Before the second round of voting, AAN reported on the reaching of just such a consensus between many of the major tribes in the region, in concert with the Ashraf Ghani campaign. We described a tribal agreement, binding on all members (tarun), that women family members should go out to vote. This was an astonishing development in this generally highly conservative region (even given the number of districts in Paktia and Khost which are known as more ‘progressive’ where such a decision would be easier to implement). Since the election, more details have come in of just how widespread the Ghani/tribal mobilisation was, with an agreement not just on women voters, but also making it mandatory for all members to vote for Ashraf Ghani and not commit fraud for Abdullah – with a penalty of being beaten or fined. There were also actually a range of agreements, at the regional, provincial and tribal level.

The taruns were key to the mobilisation, people said, but they also cited the ulama as critical in persuading people to vote, and to vote for Ghani. Ghani team members had campaigned strongly among the ulema, AAN was told. “Thousands of mullahs gave a pro-Ghani Friday sermon, the day before the vote,” said one journalist. “They played a visible role in mobilising people.” Another reporter described how, in Khost, “one influential cleric, Mawlawi Qudus, drove from village to village to appeal directly to the people, telling them it was wajib (compulsory according to religion) to vote and wajib to vote for Ghani.” In Paktia province, it was only in Zurmat, one of the most important Taleban centres of influence nationally, that mullahs did not preach for Ghani. There, it would have been too dangerous to risk being labelled a ‘PRT mullah’.

The taruns had also bound the tribes to raise the traditional (for the southeast), temporary, tribal defence mechanism known as arbaki (4) to protect polling centres. One journalist said the jirga had wanted 200 men per district, but the Ministry of Interior had agreed to a lower figure – 1000 across the three provinces. These were then distributed to where it was thought threats might come from. The reason for wanting the arbaki, reporters said, was not just the very real fear of the Taleban disrupting the vote. Elders were suspicious, they said, that General Muhammad Sharif Yaftali, commander of 203rd Thunder Military Corps (his takhalus indicates he is from the village in Badakhshan of former president, Burhanuddin Rabbani), as one reporter put it, “make an area insecure deliberately and use the votes for Dr Abdullah,” He said the tribes felt they needed “a backup”. Some local press reports also alleged the Afghan National Army was planning to fix the ballot).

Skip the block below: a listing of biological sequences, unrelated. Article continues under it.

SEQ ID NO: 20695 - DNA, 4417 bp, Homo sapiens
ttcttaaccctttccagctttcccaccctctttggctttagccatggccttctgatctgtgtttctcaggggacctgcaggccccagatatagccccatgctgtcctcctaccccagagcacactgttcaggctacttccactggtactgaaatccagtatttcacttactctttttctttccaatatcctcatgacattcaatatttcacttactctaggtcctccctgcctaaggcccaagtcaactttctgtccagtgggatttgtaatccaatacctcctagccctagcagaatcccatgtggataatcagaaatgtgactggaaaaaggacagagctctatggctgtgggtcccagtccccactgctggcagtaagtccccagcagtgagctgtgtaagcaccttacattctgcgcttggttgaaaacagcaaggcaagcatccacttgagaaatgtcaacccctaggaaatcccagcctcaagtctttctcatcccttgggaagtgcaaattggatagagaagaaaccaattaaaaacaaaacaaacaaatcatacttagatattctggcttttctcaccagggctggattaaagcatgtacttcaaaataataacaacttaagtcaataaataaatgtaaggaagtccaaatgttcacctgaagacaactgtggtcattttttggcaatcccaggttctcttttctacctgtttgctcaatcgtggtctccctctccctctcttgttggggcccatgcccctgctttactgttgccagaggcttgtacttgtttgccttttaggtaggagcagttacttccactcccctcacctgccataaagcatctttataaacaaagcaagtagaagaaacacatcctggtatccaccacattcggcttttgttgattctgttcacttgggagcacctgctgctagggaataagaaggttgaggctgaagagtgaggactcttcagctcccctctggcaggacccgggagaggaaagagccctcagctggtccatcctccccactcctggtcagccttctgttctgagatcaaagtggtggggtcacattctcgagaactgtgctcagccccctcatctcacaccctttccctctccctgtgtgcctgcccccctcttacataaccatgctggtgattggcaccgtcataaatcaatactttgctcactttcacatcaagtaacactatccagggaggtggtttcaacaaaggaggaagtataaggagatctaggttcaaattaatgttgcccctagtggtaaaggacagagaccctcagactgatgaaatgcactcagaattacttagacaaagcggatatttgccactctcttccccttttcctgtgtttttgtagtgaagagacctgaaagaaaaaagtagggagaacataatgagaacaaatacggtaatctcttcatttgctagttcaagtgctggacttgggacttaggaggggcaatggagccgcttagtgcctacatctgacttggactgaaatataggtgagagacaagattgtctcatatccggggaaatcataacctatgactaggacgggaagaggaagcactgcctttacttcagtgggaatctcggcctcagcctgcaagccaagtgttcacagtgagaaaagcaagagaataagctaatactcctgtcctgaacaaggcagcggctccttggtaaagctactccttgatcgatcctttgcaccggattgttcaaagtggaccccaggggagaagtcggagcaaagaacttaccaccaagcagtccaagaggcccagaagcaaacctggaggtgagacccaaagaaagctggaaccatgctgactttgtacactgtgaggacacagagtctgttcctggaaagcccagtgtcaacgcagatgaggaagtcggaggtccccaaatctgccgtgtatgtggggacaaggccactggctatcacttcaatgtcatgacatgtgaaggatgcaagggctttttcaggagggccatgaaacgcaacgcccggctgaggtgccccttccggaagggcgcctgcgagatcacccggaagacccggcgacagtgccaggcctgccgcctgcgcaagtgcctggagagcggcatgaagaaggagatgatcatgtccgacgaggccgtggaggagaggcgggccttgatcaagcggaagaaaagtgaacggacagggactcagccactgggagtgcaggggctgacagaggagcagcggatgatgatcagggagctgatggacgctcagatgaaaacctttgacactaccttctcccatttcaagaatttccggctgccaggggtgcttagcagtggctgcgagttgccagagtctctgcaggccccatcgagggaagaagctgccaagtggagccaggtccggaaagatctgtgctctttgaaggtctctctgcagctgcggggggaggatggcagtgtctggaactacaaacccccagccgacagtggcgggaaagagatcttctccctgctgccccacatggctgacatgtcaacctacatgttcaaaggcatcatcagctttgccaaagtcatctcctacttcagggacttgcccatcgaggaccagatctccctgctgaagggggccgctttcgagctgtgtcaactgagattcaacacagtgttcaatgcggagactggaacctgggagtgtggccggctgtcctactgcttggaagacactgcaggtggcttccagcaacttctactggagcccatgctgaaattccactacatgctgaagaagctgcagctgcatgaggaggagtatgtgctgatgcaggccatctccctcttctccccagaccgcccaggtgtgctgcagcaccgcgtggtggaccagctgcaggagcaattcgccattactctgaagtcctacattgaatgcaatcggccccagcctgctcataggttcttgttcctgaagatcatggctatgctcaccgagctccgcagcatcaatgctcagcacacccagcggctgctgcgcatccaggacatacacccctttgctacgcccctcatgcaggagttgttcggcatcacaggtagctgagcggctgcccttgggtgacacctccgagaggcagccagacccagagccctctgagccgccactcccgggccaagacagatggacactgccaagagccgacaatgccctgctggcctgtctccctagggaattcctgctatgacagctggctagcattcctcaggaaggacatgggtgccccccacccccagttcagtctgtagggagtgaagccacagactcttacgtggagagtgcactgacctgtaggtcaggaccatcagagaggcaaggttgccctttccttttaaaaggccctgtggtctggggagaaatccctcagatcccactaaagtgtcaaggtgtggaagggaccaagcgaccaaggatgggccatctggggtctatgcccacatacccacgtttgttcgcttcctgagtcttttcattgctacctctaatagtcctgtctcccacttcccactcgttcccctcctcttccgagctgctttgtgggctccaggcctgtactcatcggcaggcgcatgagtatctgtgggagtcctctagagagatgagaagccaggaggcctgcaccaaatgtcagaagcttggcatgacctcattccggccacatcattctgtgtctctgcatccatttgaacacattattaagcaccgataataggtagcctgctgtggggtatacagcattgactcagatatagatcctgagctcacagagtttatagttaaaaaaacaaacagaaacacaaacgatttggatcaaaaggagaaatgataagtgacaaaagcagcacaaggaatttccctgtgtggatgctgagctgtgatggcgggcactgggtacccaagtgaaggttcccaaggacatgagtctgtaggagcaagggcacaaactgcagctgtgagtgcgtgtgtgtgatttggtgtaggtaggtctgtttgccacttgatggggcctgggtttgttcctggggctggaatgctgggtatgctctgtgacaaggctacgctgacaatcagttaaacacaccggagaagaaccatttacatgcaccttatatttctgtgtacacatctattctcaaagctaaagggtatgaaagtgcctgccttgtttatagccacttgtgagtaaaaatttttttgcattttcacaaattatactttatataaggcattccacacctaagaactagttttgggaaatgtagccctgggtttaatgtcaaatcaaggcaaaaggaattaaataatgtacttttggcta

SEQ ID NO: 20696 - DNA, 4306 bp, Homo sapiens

On election day, some arbaki were in action against the Taleban, as will be seen. However, reports have also been coming in of very local, pre-election agreements with Taleban not to attack the voters. In Paktia, AAN spoke to people who said there had been similar deals in the districts of Gerda Tserai (where the Haqqanis are from), Dandi Patan and, on a smaller scale, Wazi Dzadran. (5) Everyone emphasised that the agreements were made at a very local level (below district commander level), were not official and had gone against Emirate policy (there may also have been a desire for ‘plausible deniability’).

According to local sources, following the drubbing the Taleban received in the media for failing to disrupt the first round, the leadership had urged their commanders to disrupt the second round and had wanted them to distribute night letters and threaten people, via the mosques, not to vote because ‘the US chooses the president’, and to fire at polling stations on the day itself. However, the sources said, the tarun, where it was agreed could not be ignored. An example was given of a particular village in Wazi Dzadran district, Paktia, which had a polling centre and was also where the local commander was from. If he and his men had disrupted the election there, AAN was told, and the centre had received fewer votes, the people would have said to him, “We have a tarun, you disturbed our election and you are responsible for this.” In other words his tribal reputation would have been tarnished. Another example given of how deals worked would be a local commander saying, “Use that polling centre, not this one, and you’ll be OK.”